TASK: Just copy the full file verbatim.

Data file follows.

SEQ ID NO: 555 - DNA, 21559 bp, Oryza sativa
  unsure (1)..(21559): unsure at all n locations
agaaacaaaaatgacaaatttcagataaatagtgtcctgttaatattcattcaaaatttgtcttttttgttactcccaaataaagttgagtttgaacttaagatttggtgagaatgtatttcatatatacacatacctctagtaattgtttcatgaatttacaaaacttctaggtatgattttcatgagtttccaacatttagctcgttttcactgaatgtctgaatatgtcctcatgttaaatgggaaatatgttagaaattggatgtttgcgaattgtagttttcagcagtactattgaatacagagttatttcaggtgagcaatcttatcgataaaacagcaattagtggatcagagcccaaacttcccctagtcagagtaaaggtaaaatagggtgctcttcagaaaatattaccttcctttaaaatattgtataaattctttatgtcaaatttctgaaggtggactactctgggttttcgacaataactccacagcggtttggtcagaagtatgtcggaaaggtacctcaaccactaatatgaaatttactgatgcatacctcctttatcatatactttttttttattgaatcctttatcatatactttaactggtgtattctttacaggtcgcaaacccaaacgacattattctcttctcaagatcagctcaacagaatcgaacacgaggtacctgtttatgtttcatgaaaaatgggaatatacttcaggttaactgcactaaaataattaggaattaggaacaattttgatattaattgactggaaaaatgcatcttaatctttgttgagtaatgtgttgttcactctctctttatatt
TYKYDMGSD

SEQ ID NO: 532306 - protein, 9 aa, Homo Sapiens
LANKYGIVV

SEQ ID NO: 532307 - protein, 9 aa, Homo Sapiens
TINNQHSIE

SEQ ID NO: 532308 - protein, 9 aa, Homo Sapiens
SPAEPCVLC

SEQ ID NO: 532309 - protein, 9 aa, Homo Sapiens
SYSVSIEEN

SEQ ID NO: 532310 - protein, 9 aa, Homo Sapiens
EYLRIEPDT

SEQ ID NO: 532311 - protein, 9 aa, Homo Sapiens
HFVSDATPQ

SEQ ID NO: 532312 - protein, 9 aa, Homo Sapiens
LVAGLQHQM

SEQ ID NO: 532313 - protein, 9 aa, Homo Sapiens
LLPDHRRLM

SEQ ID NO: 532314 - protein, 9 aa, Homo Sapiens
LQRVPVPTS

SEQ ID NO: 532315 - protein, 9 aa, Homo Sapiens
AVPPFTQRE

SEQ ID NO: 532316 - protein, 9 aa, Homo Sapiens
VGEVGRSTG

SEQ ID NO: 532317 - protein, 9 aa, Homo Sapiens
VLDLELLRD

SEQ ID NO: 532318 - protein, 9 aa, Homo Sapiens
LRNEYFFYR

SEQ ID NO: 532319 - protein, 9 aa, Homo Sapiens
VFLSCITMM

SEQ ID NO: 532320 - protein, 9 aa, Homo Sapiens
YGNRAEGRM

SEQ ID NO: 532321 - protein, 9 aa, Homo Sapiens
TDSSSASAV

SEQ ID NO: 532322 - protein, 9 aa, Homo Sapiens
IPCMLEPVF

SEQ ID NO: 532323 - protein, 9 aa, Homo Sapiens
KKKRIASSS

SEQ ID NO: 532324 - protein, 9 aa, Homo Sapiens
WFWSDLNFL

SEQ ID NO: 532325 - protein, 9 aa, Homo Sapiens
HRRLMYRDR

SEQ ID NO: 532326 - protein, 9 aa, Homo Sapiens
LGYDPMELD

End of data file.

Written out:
SEQ ID NO: 555 - DNA, 21559 bp, Oryza sativa
  unsure (1)..(21559): unsure at all n locations
agaaacaaaaatgacaaatttcagataaatagtgtcctgttaatattcattcaaaatttgtcttttttgttactcccaaataaagttgagtttgaacttaagatttggtgagaatgtatttcatatatacacatacctctagtaattgtttcatgaatttacaaaacttctaggtatgattttcatgagtttccaacatttagctcgttttcactgaatgtctgaatatgtcctcatgttaaatgggaaatatgttagaaattggatgtttgcgaattgtagttttcagcagtactattgaatacagagttatttcaggtgagcaatcttatcgataaaacagcaattagtggatcagagcccaaacttcccctagtcagagtaaaggtaaaatagggtgctcttcagaaaatattaccttcctttaaaatattgtataaattctttatgtcaaatttctgaaggtggactactctgggttttcgacaataactccacagcggtttggtcagaagtatgtcggaaaggtacctcaaccactaatatgaaatttactgatgcatacctcctttatcatatactttttttttattgaatcctttatcatatactttaactggtgtattctttacaggtcgcaaacccaaacgacattattctcttctcaagatcagctcaacagaatcgaacacgaggtacctgtttatgtttcatgaaaaatgggaatatacttcaggttaactgcactaaaataattaggaattaggaacaattttgatattaattgactggaaaaatgcatcttaatctttgttgagtaatgtgttgttcactctctctttatatt
TYKYDMGSD

SEQ ID NO: 532306 - protein, 9 aa, Homo Sapiens
LANKYGIVV

SEQ ID NO: 532307 - protein, 9 aa, Homo Sapiens
TINNQHSIE

SEQ ID NO: 532308 - protein, 9 aa, Homo Sapiens
SPAEPCVLC

SEQ ID NO: 532309 - protein, 9 aa, Homo Sapiens
SYSVSIEEN

SEQ ID NO: 532310 - protein, 9 aa, Homo Sapiens
EYLRIEPDT

SEQ ID NO: 532311 - protein, 9 aa, Homo Sapiens
HFVSDATPQ

SEQ ID NO: 532312 - protein, 9 aa, Homo Sapiens
LVAGLQHQM

SEQ ID NO: 532313 - protein, 9 aa, Homo Sapiens
LLPDHRRLM

SEQ ID NO: 532314 - protein, 9 aa, Homo Sapiens
LQRVPVPTS

SEQ ID NO: 532315 - protein, 9 aa, Homo Sapiens
AVPPFTQRE

SEQ ID NO: 532316 - protein, 9 aa, Homo Sapiens
VGEVGRSTG

SEQ ID NO: 532317 - protein, 9 aa, Homo Sapiens
VLDLELLRD

SEQ ID NO: 532318 - protein, 9 aa, Homo Sapiens
LRNEYFFYR

SEQ ID NO: 532319 - protein, 9 aa, Homo Sapiens
VFLSCITMM

SEQ ID NO: 532320 - protein, 9 aa, Homo Sapiens
YGNRAEGRM

SEQ ID NO: 532321 - protein, 9 aa, Homo Sapiens
TDSSSASAV

SEQ ID NO: 532322 - protein, 9 aa, Homo Sapiens
IPCMLEPVF

SEQ ID NO: 532323 - protein, 9 aa, Homo Sapiens
KKKRIASSS

SEQ ID NO: 532324 - protein, 9 aa, Homo Sapiens
WFWSDLNFL

SEQ ID NO: 532325 - protein, 9 aa, Homo Sapiens
HRRLMYRDR

SEQ ID NO: 532326 - protein, 9 aa, Homo Sapiens
LGYDPMELD